In today’s 24/7 global business environments, resiliency is not only an assumption by your customers, it’s a requirement for your success. Simply defined, IT resilience is an organization’s ability to maintain acceptable service levels, no matter what challenges arise. From CTOs to networking IT staff, the threats and challenges to services that live at the edge of the network—including both the user edge and the site edge—pose the potential for unplanned and certainly unwanted business disruptions.
To understand the implications and solutions of resiliency at the edge, we first need to understand what the term “edge” really means here. In reality, there are multiple edges. The user edge is where the end user sits and first interacts with the internet. The network edge is in front of the content or service that the user is trying to reach (think transit, content delivery network [CDN], domain name system [DNS], and so forth). The site edge is typically at the datacenter or cloud infrastructure where the content or service resides. Your goal is to get control as close to the user edge as possible.
Sources that trigger instability for the myriad internet services that today’s enterprises depend on range from simple misconfigurations, to large-scale natural disasters, to nefarious targeted attacks, as well as business-driven internet routing decisions to meet traffic and sovereignty requirements. The user edge is your customers’ first (and possibly only) interaction with the application or service that they’re trying to access. It’s where impressions are made—or fail. Traditionally, companies have focused on the user experience as they interacted in expected, or unexpected, ways across the network. However, just as important, each edge location can also be a portal for instability and threats. These can come from unintentional side effects such as attempts to meet high-traffic requirements, physical infrastructure challenges (e.g., from a natural disaster), or deliberate attacks from bad actors.
The simple reality is that if your company relies on cloud-hosted applications, which more and more are these days, internet volatility now has a greater impact on your business than at any given time in the past. The large numbers of medium-to-large enterprises that have been moving into hybrid and multicloud implementations only magnifies the scope and likelihood of an impact.
For the past few years, medium- to large-sized enterprises have been transitioning away from doing everything in-house to using hosting providers to support a sophisticated global presence. This is a natural evolution as organizations scale, so this book will touch on the due diligence they need to perform; the problems they might encounter; and what they can do to optimize their performance, security posture, balance workloads, and steer traffic more efficiently in a hybrid cloud or multicloud environment.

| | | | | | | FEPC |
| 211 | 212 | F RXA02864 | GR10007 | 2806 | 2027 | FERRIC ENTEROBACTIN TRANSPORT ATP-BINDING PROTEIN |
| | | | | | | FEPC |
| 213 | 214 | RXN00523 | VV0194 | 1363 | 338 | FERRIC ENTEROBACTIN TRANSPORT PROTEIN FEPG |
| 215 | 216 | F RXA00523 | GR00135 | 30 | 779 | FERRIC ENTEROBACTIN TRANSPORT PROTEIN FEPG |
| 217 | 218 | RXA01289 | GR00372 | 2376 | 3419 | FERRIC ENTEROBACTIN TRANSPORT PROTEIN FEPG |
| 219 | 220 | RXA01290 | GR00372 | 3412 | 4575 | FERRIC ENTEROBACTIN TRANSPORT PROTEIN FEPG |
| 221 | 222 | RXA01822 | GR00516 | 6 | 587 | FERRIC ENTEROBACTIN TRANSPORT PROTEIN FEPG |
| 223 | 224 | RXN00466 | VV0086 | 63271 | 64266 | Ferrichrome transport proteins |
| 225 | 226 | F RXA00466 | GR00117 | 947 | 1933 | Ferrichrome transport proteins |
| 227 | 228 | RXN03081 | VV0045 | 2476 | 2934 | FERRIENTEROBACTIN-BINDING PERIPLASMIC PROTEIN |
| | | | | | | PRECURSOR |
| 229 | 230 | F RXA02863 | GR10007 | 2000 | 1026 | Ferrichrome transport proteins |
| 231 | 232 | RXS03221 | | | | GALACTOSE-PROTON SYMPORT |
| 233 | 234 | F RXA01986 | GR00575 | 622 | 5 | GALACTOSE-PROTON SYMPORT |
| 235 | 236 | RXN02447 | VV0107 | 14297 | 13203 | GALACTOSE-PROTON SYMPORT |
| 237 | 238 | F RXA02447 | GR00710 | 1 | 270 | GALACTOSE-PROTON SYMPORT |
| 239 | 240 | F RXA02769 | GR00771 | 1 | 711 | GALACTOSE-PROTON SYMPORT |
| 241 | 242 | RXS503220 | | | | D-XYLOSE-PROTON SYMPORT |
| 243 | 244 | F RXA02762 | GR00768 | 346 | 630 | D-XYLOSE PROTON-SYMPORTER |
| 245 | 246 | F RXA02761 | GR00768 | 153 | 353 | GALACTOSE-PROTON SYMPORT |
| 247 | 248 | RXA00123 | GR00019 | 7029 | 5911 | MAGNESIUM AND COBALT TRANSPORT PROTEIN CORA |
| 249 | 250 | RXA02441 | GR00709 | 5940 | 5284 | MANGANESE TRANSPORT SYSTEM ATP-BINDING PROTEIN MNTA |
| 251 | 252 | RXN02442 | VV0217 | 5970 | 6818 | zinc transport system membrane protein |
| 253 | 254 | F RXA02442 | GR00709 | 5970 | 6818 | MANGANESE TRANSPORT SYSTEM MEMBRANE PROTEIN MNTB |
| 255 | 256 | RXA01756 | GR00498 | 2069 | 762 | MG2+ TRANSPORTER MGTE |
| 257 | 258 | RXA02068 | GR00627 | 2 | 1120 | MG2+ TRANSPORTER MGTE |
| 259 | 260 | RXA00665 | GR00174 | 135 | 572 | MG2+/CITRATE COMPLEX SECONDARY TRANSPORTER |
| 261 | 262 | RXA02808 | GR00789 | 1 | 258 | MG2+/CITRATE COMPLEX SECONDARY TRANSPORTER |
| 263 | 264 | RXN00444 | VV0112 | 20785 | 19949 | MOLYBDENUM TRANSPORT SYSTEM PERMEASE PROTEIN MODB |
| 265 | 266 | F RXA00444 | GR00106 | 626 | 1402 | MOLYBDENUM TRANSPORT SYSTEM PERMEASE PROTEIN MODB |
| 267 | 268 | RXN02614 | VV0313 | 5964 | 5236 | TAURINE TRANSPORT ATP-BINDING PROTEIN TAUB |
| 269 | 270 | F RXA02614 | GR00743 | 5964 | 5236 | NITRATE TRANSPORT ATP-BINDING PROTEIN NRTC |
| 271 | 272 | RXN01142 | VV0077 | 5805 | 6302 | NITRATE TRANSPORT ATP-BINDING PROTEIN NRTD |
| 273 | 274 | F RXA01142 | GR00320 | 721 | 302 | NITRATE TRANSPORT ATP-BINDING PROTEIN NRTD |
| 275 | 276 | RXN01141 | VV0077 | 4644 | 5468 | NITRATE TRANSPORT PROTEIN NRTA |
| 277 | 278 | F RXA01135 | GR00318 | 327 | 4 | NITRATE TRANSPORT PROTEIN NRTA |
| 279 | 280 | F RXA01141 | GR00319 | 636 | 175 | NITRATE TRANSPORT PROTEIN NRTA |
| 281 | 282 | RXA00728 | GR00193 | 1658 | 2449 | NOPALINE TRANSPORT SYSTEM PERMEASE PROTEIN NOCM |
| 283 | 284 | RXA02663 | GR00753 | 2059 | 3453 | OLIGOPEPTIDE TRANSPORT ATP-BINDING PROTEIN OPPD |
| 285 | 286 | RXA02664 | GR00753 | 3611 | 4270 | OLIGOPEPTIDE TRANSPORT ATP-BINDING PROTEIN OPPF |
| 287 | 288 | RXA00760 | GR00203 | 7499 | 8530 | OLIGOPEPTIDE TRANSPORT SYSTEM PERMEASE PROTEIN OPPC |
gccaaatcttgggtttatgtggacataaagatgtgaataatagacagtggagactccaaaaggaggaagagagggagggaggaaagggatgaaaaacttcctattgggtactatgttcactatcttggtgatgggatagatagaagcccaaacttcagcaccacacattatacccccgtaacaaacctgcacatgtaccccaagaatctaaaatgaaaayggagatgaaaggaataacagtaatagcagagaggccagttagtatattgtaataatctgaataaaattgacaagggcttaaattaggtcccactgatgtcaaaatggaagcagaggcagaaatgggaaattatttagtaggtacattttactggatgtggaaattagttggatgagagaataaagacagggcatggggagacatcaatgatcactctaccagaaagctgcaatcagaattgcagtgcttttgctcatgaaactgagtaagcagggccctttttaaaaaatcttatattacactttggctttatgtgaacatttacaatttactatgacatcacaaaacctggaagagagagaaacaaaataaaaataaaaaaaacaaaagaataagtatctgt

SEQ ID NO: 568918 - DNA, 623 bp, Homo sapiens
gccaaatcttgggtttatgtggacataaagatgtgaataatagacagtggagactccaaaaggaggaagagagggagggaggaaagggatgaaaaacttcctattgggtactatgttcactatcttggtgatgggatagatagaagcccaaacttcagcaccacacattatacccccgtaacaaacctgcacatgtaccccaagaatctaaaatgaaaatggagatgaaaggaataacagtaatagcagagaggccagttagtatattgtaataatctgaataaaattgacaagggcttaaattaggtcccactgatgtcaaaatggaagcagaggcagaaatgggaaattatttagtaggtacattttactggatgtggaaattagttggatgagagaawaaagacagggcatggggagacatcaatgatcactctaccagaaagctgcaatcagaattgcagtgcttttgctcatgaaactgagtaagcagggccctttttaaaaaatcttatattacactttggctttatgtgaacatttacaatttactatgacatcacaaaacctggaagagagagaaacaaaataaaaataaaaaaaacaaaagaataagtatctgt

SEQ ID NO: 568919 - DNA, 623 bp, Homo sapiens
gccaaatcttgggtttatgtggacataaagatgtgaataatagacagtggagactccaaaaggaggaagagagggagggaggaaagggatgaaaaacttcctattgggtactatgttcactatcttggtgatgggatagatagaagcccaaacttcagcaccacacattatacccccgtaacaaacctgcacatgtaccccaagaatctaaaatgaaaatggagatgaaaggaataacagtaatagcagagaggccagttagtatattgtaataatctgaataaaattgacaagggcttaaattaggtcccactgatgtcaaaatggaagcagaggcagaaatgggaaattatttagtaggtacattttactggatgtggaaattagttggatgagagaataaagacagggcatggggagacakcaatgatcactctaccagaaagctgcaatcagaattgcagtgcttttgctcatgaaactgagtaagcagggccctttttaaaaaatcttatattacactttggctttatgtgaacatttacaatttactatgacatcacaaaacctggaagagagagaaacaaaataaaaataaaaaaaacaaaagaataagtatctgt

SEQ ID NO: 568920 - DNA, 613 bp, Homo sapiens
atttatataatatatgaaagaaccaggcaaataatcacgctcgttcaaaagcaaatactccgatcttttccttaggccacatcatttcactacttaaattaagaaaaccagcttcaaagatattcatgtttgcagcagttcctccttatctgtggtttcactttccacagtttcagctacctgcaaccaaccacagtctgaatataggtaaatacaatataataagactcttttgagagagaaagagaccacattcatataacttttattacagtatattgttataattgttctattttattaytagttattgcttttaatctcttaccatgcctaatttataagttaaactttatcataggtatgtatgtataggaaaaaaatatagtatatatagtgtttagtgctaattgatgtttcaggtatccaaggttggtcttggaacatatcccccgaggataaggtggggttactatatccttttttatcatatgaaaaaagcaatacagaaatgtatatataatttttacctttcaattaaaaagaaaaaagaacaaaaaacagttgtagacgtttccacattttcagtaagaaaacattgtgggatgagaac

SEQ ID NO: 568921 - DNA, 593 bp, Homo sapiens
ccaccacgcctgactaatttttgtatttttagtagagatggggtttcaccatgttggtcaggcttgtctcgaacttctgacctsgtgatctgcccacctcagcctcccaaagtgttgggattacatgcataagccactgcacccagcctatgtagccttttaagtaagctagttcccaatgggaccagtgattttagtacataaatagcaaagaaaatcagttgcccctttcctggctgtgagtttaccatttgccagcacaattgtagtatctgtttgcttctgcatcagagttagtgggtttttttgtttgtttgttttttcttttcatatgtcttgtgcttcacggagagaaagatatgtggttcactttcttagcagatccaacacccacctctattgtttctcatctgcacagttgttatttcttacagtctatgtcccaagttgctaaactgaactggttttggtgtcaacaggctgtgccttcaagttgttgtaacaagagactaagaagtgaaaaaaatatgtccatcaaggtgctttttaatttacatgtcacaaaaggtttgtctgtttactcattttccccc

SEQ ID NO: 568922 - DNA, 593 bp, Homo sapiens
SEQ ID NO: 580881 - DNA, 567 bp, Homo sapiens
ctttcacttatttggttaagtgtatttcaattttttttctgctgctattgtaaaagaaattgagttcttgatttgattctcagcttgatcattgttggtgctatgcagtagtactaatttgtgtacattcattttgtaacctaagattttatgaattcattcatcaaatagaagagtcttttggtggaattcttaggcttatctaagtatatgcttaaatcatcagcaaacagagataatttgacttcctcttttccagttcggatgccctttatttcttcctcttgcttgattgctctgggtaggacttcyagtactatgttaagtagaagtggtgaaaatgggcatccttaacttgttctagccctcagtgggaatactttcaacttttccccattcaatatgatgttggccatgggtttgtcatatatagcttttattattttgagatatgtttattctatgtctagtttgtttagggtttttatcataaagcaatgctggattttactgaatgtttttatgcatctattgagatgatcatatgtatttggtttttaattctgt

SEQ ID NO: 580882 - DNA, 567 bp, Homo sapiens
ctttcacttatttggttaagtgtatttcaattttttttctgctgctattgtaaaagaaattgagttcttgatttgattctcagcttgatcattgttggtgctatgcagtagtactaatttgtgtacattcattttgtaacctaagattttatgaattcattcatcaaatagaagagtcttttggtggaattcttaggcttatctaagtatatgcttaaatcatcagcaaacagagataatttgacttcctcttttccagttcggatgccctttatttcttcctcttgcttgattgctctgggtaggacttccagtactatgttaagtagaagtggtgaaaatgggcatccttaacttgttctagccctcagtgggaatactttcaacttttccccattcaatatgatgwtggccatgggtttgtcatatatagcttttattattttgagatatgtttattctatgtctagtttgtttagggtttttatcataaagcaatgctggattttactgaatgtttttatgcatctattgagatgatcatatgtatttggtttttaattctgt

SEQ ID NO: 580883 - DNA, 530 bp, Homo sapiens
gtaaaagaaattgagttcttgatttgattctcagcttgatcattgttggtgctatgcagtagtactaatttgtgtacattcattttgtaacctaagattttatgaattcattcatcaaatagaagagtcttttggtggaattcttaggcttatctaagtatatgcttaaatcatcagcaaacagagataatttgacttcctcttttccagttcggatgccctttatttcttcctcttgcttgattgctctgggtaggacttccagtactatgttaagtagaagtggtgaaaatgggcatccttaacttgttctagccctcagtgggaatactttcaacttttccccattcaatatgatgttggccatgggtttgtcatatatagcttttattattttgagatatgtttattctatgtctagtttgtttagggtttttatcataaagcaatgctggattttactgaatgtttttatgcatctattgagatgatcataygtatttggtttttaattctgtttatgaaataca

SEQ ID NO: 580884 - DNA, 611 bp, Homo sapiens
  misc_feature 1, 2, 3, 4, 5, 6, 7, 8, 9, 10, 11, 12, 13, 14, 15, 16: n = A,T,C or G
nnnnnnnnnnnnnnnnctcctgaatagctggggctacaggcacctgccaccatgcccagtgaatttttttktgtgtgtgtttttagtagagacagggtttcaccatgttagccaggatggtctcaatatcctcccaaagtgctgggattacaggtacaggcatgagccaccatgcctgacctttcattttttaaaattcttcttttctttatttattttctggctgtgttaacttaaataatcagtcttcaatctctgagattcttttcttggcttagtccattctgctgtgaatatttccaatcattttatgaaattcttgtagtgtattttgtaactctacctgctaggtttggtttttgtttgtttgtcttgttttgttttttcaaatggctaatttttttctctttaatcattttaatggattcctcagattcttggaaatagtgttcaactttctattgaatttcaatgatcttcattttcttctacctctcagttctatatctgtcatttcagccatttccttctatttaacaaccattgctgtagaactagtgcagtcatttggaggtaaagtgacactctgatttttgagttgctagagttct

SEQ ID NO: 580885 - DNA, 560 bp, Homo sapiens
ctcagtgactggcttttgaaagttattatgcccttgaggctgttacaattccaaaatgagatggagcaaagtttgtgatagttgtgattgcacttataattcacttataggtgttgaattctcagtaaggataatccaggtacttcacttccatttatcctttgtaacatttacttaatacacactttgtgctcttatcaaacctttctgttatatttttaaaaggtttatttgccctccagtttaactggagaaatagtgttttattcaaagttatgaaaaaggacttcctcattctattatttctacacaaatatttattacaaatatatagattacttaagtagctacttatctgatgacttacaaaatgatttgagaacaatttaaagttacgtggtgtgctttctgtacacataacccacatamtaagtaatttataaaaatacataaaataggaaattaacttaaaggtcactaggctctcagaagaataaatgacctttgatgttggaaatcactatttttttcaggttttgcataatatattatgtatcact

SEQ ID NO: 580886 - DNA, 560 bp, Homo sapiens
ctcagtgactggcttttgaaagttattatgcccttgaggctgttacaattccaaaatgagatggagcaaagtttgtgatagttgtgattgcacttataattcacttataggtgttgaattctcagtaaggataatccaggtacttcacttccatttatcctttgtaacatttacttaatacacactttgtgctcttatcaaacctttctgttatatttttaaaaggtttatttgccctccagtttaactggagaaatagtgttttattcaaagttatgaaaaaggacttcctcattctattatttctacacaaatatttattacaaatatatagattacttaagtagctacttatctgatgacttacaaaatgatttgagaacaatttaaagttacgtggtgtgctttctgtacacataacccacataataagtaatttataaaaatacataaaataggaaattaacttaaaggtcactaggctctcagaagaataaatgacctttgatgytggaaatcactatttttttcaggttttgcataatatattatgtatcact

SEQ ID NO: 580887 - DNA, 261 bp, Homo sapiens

The shift from hosting corporate applications on-premises to using cloud-based service providers is an accepted practice for doing business today. And, like any key corporate resource, companies need to safeguard and protect it. Network resiliency (especially at the user edge) is your insurance policy against internet-based disruptions.
Additionally, more organizations have begun to deploy multicloud environments using additional vendors or a private infrastructure to support their businesses. This dynamic will continue to grow, taking advantage of diversity and performance-based cloud services.
Granted, when you depend on internet services that are a “black box,” some aspects will be out of your direct control. In those areas, your business must rely somewhat on trust—trust in those who have constructed today’s complex internet, trust in the partners you work with, and trust that the infrastructure you’ve invested in will mostly work reliably and appropriately. However, trust is not a strategy: 24/7 global businesses face new exposures each day. To combat these challenges, businesses must take responsibility for resiliency. In this way, they can gain direct control to insure against the risks. And it all starts by understanding the approaches that you can take to accomplish this goal.
In the remaining chapters, we discuss these approaches and offer insight and strategies for creating resiliency at the edge. The goal is to stabilize internet volatility, whatever the source. The critical topics we cover include the following:
Recognizing volatility sources
Optimizing performance and balancing workloads amid internet volatility
Steering traffic more efficiently
Strengthening your security posture—not just in a traditional datacenter, but also in a hybrid and/or multicloud environment
Working with DNS infrastructure, managed DNS, and edge services
We discuss common challenges and present clear examples to demonstrate the benefits of using managed DNS infrastructure to strengthen edge resiliency. And we offer assessment criteria for when you are deciding whether to incorporate a managed DNS provider into your resiliency strategy. This, will, in turn, provide options and strengthen your ability to manage, challenge, and work around any internet threats, disruption, or volatility.
We wrote this book for IT managers to help them proactively enable a resiliency strategy in the face of planned and unplanned events from the user edge to the applications and services those users are trying to reach. Our goal is to help you prevent challenges that could have a negative impact on customer satisfaction and business outcomes. Business leaders must be aware and plan for these challenges before they happen, because today, our customers, our employees, and our reputations are all “living on the edge.”